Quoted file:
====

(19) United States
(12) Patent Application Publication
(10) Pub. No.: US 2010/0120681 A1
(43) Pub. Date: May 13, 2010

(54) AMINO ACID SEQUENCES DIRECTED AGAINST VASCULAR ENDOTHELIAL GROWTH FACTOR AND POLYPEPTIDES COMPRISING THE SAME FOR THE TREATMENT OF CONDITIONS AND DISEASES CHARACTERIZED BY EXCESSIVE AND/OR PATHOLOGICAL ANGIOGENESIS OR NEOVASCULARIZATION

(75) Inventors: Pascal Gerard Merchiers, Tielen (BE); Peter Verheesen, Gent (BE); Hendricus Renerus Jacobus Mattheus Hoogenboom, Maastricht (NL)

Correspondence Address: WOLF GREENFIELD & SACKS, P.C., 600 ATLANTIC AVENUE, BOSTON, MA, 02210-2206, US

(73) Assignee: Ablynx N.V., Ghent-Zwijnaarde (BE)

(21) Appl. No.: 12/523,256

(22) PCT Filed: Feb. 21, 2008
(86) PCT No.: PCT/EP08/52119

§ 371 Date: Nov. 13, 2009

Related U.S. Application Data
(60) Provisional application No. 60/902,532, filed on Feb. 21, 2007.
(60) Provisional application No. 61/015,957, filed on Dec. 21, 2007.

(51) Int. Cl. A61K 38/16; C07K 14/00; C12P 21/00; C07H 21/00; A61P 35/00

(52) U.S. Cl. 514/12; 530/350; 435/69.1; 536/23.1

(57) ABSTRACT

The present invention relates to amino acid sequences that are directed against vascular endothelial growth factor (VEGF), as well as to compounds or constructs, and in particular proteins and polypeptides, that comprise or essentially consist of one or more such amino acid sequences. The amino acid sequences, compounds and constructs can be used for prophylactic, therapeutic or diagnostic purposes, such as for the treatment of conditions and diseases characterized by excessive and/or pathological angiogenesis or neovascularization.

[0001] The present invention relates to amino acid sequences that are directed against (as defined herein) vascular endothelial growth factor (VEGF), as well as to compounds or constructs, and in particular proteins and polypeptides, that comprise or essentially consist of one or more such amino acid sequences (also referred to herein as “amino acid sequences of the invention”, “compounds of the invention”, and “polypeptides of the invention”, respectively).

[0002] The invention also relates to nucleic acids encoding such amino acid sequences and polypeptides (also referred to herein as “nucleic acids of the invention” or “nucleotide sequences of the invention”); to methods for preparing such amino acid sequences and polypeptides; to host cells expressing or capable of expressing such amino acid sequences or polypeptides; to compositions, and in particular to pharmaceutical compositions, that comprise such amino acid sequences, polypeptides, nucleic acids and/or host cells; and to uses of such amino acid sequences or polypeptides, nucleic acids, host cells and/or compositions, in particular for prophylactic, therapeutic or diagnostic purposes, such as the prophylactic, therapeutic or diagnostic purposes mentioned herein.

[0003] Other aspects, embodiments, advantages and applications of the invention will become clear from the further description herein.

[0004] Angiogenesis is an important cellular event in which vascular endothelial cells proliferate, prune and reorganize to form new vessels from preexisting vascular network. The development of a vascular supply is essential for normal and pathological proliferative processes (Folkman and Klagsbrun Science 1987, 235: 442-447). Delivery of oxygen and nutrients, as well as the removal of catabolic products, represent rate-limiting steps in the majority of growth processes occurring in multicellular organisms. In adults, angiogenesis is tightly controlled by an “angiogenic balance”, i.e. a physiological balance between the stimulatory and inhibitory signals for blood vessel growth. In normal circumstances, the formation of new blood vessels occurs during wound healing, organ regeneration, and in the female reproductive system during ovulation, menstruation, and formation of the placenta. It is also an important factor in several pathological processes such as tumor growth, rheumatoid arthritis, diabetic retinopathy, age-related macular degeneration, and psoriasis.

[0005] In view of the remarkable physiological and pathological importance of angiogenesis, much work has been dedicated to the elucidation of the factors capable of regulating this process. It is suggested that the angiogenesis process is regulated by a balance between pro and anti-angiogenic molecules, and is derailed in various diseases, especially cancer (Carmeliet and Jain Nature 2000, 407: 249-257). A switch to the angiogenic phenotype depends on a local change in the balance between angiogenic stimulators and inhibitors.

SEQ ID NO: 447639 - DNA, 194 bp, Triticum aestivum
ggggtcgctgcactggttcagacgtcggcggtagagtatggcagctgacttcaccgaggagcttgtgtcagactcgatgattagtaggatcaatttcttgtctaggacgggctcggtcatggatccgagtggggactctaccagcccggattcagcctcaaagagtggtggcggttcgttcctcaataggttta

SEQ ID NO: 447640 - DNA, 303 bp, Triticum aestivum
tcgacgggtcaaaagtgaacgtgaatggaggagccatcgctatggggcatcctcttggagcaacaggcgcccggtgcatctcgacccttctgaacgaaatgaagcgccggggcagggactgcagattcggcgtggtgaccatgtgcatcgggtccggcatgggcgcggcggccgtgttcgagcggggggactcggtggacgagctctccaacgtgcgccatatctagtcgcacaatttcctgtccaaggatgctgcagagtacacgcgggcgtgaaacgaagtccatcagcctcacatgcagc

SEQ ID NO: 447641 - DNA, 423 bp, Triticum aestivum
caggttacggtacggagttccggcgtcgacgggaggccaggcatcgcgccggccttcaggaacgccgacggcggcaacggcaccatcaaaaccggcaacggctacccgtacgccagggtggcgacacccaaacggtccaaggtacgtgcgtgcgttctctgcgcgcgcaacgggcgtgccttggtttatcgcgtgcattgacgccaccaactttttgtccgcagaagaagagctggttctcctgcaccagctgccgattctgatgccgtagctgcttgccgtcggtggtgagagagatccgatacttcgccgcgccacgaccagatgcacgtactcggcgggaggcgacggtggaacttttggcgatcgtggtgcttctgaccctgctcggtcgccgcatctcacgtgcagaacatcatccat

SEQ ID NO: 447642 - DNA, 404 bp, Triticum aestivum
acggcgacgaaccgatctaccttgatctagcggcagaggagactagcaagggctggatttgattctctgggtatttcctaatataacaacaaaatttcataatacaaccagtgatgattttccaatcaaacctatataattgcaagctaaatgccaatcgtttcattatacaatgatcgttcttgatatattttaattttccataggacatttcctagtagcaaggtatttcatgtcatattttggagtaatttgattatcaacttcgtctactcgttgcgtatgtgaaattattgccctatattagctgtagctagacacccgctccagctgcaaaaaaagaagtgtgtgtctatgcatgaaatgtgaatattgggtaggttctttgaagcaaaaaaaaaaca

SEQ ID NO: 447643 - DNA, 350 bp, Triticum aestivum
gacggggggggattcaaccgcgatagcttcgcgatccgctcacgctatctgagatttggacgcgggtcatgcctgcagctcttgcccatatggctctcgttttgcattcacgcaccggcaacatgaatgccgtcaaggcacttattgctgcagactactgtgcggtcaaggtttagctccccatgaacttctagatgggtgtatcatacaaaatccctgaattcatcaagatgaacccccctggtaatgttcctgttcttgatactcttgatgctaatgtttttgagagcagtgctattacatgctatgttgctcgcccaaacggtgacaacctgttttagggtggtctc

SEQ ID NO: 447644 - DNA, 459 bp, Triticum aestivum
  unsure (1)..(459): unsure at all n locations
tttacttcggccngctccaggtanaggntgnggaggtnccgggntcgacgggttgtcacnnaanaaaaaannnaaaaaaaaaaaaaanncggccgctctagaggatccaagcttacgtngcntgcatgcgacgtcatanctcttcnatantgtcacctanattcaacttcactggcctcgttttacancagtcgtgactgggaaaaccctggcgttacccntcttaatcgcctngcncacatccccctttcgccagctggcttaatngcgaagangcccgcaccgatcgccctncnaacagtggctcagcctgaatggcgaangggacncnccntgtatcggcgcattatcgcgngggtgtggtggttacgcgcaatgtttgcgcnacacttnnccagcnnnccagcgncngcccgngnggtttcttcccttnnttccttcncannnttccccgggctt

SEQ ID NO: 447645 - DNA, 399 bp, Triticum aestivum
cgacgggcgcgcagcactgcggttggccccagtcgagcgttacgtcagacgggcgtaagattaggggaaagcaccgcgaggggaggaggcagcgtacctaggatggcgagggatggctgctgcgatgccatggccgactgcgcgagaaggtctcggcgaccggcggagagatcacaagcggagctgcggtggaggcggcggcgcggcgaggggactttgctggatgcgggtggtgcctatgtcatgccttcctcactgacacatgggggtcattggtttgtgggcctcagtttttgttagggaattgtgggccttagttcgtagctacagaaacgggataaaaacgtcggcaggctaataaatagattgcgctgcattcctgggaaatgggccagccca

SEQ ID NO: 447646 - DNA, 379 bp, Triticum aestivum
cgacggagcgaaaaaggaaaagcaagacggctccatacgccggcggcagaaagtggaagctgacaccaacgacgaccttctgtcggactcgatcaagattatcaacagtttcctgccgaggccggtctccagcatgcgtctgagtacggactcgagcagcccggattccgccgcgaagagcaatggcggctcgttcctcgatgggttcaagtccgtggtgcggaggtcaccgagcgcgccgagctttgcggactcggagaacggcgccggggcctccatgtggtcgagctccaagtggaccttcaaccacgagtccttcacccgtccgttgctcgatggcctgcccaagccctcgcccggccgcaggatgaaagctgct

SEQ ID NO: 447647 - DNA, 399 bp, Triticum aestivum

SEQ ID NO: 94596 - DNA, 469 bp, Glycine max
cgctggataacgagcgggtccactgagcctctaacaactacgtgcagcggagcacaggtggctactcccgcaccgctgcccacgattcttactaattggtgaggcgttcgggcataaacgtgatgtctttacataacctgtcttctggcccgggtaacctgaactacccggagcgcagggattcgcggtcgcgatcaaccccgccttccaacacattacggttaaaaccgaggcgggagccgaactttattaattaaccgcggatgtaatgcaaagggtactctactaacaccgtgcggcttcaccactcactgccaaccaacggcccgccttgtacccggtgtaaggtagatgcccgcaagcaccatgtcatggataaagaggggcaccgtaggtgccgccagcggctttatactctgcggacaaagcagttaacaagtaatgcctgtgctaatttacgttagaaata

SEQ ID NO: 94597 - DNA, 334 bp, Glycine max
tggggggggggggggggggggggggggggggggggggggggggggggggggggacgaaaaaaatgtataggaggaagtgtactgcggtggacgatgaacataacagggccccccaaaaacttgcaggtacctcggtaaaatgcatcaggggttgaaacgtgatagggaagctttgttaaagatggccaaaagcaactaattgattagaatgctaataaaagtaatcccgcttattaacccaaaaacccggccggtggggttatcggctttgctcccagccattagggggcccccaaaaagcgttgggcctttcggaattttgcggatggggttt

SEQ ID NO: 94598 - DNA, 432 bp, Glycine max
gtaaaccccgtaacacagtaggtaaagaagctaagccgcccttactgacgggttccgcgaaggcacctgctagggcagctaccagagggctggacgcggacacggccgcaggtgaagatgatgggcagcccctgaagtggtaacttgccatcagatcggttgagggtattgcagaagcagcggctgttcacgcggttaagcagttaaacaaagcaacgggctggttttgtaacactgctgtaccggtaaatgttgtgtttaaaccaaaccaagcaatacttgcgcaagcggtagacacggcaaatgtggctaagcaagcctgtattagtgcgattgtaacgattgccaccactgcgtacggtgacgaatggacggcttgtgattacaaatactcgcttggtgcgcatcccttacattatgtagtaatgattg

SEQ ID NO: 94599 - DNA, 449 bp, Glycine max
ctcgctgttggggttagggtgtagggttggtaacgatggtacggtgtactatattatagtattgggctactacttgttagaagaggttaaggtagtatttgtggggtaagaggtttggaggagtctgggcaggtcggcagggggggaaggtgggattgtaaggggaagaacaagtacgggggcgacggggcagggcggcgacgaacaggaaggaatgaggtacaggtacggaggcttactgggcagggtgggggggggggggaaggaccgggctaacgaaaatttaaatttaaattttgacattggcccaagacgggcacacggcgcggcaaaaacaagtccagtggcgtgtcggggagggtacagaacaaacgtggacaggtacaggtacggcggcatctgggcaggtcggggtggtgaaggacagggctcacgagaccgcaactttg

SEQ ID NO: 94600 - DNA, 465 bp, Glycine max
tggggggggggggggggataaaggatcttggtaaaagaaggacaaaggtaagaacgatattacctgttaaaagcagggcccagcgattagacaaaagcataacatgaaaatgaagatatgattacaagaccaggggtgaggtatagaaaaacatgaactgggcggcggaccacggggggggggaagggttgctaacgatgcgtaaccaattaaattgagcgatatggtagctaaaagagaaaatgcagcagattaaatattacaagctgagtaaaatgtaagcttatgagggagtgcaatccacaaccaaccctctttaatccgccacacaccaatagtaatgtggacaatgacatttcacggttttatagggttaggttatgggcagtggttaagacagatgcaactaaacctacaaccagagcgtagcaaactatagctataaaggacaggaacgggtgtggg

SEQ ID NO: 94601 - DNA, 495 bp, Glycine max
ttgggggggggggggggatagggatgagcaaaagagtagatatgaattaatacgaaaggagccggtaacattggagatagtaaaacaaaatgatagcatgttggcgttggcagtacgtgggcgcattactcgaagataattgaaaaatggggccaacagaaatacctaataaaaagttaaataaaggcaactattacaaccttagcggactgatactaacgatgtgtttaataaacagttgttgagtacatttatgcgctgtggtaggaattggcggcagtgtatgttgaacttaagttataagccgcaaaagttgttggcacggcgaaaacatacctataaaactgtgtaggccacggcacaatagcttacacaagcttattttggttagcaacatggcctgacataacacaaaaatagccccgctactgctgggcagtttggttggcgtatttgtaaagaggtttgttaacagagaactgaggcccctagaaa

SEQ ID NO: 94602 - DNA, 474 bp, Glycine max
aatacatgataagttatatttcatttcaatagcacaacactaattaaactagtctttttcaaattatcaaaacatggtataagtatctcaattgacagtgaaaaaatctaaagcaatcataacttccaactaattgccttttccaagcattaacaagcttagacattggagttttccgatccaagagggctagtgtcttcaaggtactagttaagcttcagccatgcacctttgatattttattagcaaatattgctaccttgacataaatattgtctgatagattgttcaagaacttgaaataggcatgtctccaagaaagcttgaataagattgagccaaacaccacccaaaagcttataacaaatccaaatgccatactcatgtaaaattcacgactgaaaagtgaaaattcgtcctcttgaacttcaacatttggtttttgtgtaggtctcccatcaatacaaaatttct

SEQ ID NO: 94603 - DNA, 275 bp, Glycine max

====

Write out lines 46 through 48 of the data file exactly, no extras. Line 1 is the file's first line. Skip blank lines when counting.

tggggggggggggggggggggggggggggggggggggggggggggggggggggacgaaaaaaatgtataggaggaagtgtactgcggtggacgatgaacataacagggccccccaaaaacttgcaggtacctcggtaaaatgcatcaggggttgaaacgtgatagggaagctttgttaaagatggccaaaagcaactaattgattagaatgctaataaaagtaatcccgcttattaacccaaaaacccggccggtggggttatcggctttgctcccagccattagggggcccccaaaaagcgttgggcctttcggaattttgcggatggggttt

SEQ ID NO: 94598 - DNA, 432 bp, Glycine max
gtaaaccccgtaacacagtaggtaaagaagctaagccgcccttactgacgggttccgcgaaggcacctgctagggcagctaccagagggctggacgcggacacggccgcaggtgaagatgatgggcagcccctgaagtggtaacttgccatcagatcggttgagggtattgcagaagcagcggctgttcacgcggttaagcagttaaacaaagcaacgggctggttttgtaacactgctgtaccggtaaatgttgtgtttaaaccaaaccaagcaatacttgcgcaagcggtagacacggcaaatgtggctaagcaagcctgtattagtgcgattgtaacgattgccaccactgcgtacggtgacgaatggacggcttgtgattacaaatactcgcttggtgcgcatcccttacattatgtagtaatgattg